News Corp.: Conan’s Not Coming to Fox Just Yet; Amazon’s Ready to Bend on E-Book Pricing

Two interesting nuggets from a wide-ranging earnings call today:

  • News Corp. CEO Rupert Murdoch tried to lower expectations that his Fox broadcast network would hire Conan O’Brien.
  • Murdoch hinted that his book publishing unit is in line to get a new deal on e-books from Amazon, just as Macmillan has demanded (as will other publishers).

On the second point, here’s my on-the-fly transcription and paraphrasing of Murdoch’s comments about Amazon (AMZN), Apple (AAPL) and e-book pricing. It’s one of the most candid descriptions you’ll hear from a top executive about Big Media’s reluctance to embrace digital distribution at the expense of its existing system and revenue:

“We don’t like the Amazon model of $9.99….We think it really devalues books and hurts all the retailers of hardcover books. We’re not against electronic books; on the contrary, we like them very much” because they cost us less to distribute, “but we want some room to maneuver.” The Apple deal…“does allow some flexibility and higher prices” though e-books will still be lower than print versions. And now Amazon is willing to sit down with us again and renegotiate.

UPDATE: Here’s a more complete transcript from Seeking Alpha:

We don’t like the Amazon model of selling everything at $9.99. They don’t pay us that. They pay us the full wholesale price of $14 or whatever we charge. We think it really devalues books and it hurts all the retailers of the hard cover books. We are not against [inaudible] books. On the contrary we like them very much indeed. It is low cost to us and so on. But we want some room to maneuver in it. Amazon, sorry Apple in its agreement with us which has not been disclosed in detail does allow for a variety of slightly higher prices.

There will be prices very much less than the printed copies of books but still will not be fixed in a way that Amazon has been doing it. It appears that Amazon is now ready to sit down with us again and renegotiate pricing.

Again, it’s impossible to stress how scarring the music labels’ experience has been for Big Media. And they’re determined not to repeat the experience. Their takeaway, though, seems to be that they can stave off digital distribution by keeping prices high and inventory relatively scarce. Hard to believe consumers are going to go for that.


Earlier

A first glimpse at News Corp.’s fourth-quarter earnings (which, due to the company’s weird fiscal calendar, is technically the company’s Q2 for 2010): Pretty good. And much better than a year ago (thankfully). After factoring out one-time charges, the company posted earnings of 25 cents on revenue of $8.7 billion.

The Street was looking for earnings of 20 cents on revenue of $8.23 billion, and analysts were also hoping the company would boost its earnings forecast, due in part to a bump from the ginormous success of “Avatar.” No word on guidance in the earnings release, though.

I’ll pick through the release for other worthwhile nuggets for the next few minutes. And then the real show begins at 4:30 Eastern, when the company’s earnings call–easily the most entertaining one in its peer group due to the censor-free presence of CEO Rupert Murdoch–begins. We’ll be looking for commentary on his battle/negotiation with Google (GOOG), upcoming content deals with Apple and the iPad, his thoughts on paid content in general, a dash of political commentary or two, and an update on the turnaround effort at MySpace.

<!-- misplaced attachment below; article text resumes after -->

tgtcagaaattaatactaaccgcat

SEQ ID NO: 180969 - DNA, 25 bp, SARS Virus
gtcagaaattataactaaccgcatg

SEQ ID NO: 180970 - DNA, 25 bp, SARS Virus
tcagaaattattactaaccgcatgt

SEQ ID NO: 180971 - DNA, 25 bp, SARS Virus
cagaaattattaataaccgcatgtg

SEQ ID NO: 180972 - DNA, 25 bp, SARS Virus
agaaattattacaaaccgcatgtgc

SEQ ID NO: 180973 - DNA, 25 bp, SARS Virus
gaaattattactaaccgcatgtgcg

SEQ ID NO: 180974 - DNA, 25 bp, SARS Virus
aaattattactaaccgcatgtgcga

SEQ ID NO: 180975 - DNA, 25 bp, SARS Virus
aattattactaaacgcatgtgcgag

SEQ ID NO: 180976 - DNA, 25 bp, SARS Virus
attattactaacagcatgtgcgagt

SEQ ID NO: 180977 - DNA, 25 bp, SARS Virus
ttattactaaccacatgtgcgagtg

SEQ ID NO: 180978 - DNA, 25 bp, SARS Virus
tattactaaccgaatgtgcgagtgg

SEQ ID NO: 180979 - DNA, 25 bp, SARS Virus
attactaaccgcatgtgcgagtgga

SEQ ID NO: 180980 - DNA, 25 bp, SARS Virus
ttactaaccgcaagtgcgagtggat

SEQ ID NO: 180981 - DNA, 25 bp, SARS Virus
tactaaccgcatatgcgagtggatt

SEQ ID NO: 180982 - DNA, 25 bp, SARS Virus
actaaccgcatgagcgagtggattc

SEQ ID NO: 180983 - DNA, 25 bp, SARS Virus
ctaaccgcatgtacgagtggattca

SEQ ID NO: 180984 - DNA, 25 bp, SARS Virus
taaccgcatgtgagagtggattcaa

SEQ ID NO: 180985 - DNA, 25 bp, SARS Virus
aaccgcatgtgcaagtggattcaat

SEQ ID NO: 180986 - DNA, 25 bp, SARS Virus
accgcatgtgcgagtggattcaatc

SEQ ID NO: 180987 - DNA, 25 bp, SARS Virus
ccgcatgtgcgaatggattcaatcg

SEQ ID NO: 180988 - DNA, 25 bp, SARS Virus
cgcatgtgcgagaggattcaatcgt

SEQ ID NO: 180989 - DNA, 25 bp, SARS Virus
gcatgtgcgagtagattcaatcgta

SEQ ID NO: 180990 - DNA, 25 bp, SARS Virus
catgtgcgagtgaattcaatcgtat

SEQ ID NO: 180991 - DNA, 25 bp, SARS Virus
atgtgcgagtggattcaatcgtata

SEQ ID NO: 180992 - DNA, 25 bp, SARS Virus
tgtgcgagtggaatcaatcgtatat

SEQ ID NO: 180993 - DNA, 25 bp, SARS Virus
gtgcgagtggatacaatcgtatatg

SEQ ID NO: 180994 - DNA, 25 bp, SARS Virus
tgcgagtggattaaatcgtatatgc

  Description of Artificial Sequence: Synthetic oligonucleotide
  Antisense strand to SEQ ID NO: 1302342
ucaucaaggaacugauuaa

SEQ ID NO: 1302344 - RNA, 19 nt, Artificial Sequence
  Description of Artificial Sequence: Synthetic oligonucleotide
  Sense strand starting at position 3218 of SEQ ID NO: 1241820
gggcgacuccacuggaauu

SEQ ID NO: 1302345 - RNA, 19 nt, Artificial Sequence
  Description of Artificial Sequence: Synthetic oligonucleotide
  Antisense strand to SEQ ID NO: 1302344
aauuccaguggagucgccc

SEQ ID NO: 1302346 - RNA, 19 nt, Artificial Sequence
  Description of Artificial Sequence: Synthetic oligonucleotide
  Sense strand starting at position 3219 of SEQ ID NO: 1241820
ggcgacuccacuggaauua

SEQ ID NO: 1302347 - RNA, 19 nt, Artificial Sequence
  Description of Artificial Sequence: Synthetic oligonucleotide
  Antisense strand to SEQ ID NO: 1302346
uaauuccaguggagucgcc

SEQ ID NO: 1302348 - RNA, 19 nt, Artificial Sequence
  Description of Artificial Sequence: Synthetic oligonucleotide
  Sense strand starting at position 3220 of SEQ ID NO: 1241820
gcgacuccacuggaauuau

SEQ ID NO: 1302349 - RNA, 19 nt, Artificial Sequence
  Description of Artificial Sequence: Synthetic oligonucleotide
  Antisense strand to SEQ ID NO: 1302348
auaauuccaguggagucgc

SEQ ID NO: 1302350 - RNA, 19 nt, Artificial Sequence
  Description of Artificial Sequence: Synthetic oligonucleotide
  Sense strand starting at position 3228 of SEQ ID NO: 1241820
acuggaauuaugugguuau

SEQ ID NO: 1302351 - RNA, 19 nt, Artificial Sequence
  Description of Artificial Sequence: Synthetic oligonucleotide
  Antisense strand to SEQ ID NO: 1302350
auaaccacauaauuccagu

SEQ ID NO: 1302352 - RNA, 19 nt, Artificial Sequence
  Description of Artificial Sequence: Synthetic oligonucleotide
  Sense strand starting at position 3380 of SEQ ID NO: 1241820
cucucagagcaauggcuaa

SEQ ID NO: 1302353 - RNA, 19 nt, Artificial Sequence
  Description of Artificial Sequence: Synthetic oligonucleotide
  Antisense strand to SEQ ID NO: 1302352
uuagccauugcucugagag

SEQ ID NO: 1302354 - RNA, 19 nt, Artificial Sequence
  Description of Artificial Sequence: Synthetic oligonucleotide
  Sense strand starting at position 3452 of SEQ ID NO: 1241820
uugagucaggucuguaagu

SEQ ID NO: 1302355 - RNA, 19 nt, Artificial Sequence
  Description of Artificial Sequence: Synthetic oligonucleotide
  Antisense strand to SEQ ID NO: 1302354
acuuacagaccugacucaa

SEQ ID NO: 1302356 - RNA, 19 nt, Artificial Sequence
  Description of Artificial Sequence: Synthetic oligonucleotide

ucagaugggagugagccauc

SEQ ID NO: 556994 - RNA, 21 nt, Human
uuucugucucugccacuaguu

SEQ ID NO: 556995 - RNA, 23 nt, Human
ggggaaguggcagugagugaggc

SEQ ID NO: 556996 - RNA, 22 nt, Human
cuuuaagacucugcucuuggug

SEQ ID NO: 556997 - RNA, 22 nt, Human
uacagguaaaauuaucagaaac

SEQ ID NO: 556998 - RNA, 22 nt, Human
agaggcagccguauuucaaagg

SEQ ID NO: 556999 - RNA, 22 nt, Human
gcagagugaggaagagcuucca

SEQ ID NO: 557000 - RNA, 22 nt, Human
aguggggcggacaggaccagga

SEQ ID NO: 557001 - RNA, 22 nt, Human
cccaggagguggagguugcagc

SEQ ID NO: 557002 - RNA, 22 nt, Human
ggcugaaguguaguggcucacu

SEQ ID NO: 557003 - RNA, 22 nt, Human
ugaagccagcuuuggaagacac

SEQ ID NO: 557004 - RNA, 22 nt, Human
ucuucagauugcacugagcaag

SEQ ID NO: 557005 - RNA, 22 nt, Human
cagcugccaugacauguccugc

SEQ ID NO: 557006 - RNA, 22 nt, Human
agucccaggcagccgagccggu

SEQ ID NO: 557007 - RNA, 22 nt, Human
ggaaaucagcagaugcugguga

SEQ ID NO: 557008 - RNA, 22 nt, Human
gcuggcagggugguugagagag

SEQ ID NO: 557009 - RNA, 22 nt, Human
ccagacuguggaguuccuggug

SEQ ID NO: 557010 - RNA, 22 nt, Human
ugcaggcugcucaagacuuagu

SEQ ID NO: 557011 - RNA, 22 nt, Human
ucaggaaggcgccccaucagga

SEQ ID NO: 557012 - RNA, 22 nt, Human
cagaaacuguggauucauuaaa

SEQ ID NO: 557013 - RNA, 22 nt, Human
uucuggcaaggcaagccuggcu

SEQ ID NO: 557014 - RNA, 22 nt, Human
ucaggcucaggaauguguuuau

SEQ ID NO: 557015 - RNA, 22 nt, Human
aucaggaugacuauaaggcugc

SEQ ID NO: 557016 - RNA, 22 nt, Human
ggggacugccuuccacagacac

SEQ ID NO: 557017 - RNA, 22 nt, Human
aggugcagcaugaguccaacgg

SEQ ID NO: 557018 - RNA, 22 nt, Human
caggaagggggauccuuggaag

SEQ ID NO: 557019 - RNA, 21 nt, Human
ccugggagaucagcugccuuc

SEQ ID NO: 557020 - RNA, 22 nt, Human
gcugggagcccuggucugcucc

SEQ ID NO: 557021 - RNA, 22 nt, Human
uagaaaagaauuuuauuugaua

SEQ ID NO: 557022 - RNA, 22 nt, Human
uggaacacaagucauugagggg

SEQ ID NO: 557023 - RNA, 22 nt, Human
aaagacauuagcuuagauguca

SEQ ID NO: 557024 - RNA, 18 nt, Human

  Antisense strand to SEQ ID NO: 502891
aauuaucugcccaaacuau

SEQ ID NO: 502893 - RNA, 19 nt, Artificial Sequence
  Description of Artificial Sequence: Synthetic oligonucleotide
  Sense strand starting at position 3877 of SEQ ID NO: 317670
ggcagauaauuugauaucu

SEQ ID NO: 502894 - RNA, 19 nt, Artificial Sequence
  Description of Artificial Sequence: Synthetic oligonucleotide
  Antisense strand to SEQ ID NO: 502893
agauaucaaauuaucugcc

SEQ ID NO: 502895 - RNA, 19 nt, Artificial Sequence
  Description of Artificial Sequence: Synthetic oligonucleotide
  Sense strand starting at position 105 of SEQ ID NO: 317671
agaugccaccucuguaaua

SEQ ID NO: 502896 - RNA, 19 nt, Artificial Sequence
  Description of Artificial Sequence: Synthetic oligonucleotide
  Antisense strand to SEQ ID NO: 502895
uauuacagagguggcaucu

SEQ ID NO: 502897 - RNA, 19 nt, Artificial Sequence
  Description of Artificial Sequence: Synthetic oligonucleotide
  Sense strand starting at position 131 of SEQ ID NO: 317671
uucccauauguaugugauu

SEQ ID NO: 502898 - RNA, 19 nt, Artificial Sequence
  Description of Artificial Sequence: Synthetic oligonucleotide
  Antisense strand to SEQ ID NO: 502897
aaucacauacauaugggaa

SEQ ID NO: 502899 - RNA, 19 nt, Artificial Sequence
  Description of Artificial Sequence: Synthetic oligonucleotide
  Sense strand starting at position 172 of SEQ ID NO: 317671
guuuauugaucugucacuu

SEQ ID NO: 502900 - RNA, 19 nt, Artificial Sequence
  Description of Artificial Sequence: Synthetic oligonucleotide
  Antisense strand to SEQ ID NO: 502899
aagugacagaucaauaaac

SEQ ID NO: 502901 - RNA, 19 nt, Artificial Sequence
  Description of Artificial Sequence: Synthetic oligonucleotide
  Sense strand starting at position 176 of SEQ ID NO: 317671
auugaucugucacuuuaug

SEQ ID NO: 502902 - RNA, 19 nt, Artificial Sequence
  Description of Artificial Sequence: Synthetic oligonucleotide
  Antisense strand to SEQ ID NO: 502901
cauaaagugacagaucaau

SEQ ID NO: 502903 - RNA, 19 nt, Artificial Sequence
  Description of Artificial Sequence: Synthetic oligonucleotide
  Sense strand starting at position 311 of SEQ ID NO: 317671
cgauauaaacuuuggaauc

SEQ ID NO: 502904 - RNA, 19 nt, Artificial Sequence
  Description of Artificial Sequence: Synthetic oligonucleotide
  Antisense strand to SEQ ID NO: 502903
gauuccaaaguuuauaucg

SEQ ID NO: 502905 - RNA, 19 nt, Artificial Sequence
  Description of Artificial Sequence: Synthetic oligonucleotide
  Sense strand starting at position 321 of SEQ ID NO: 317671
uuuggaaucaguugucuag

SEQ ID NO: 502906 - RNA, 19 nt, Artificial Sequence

From the release: A pretty nice quarter at most of the conglomerate’s divisions, including the previously battered broadcast TV and newspaper groups. News Corp. says print revenue at The Wall Street Journal was up five percent and ads on the Journal’s digital network were up 17 percent.

MySpace and the company’s other digital properties, shuffled into the “other” category, don’t get much of a mention, but don’t seem to have done much, not surprisingly.

But News Corp does mention that digital media earnings were down $32 million compared with a year ago, “principally due to lower search and advertising revenue.” And the company lost $29 million on “digital media dispositions”–i.e., the fire sale/giveaways of properties like Rotten Tomatoes and Photobucket.

Here’s the breakdown by segment (click table to enlarge):

Liveblog

CFO Dave DeVoe: “Extremely pleased” with the quarter.

Movies: Revenue up due to decent DVD sales (no MGM problem here). Also high costs due to “Avatar,” but big profits from the movie will be coming in during the next couple quarters.

Broadcast TV: Local ads are improving; the telecom, fast food, finance categories are all improving.

Cable: Revenue is up 18 percent. Affiliate revenue is up 21 percent (more money for Fox News subs), and there was a “single-digit” boost in ad dollars.

Newspapers: Journal dollars are up, operating costs down. Ad revenue got better as the quarter progressed.

Books: Revenue up, expenses down.

“Other”/MySpace: Digital media revenue down, but cost-cutting helped trim losses.

News Corp. is boosting its dividend by 25 percent.

Guidance: The company’s operating income growth rate is expected to grow from single digits to the high teens. Better than anticipated: Film group, TV and cable. But revenue goals for digital media, including MySpace, will take longer than anticipated.

Murdoch sings the praises of content. [I will not argue with him, for now]. “Avatar” is awesome, he says, a “harbinger of fundamental change in the industry.” Also really good: “Alvin and the Chipmunks.” Fun to hear Rupe say “Alvin and the Chipmunks.”

WSJ is the No.1 paper in U.S. in terms of circulation, influence, quality. WSJ.com is a “digital model for newspapers around the world.”

Fox News Channel’s audience is both “loyal and lucrative.” Roger Ailes is doing an “admirable job” [translation: Bite me, Michael Wolff--the author of a recent Murdoch biography].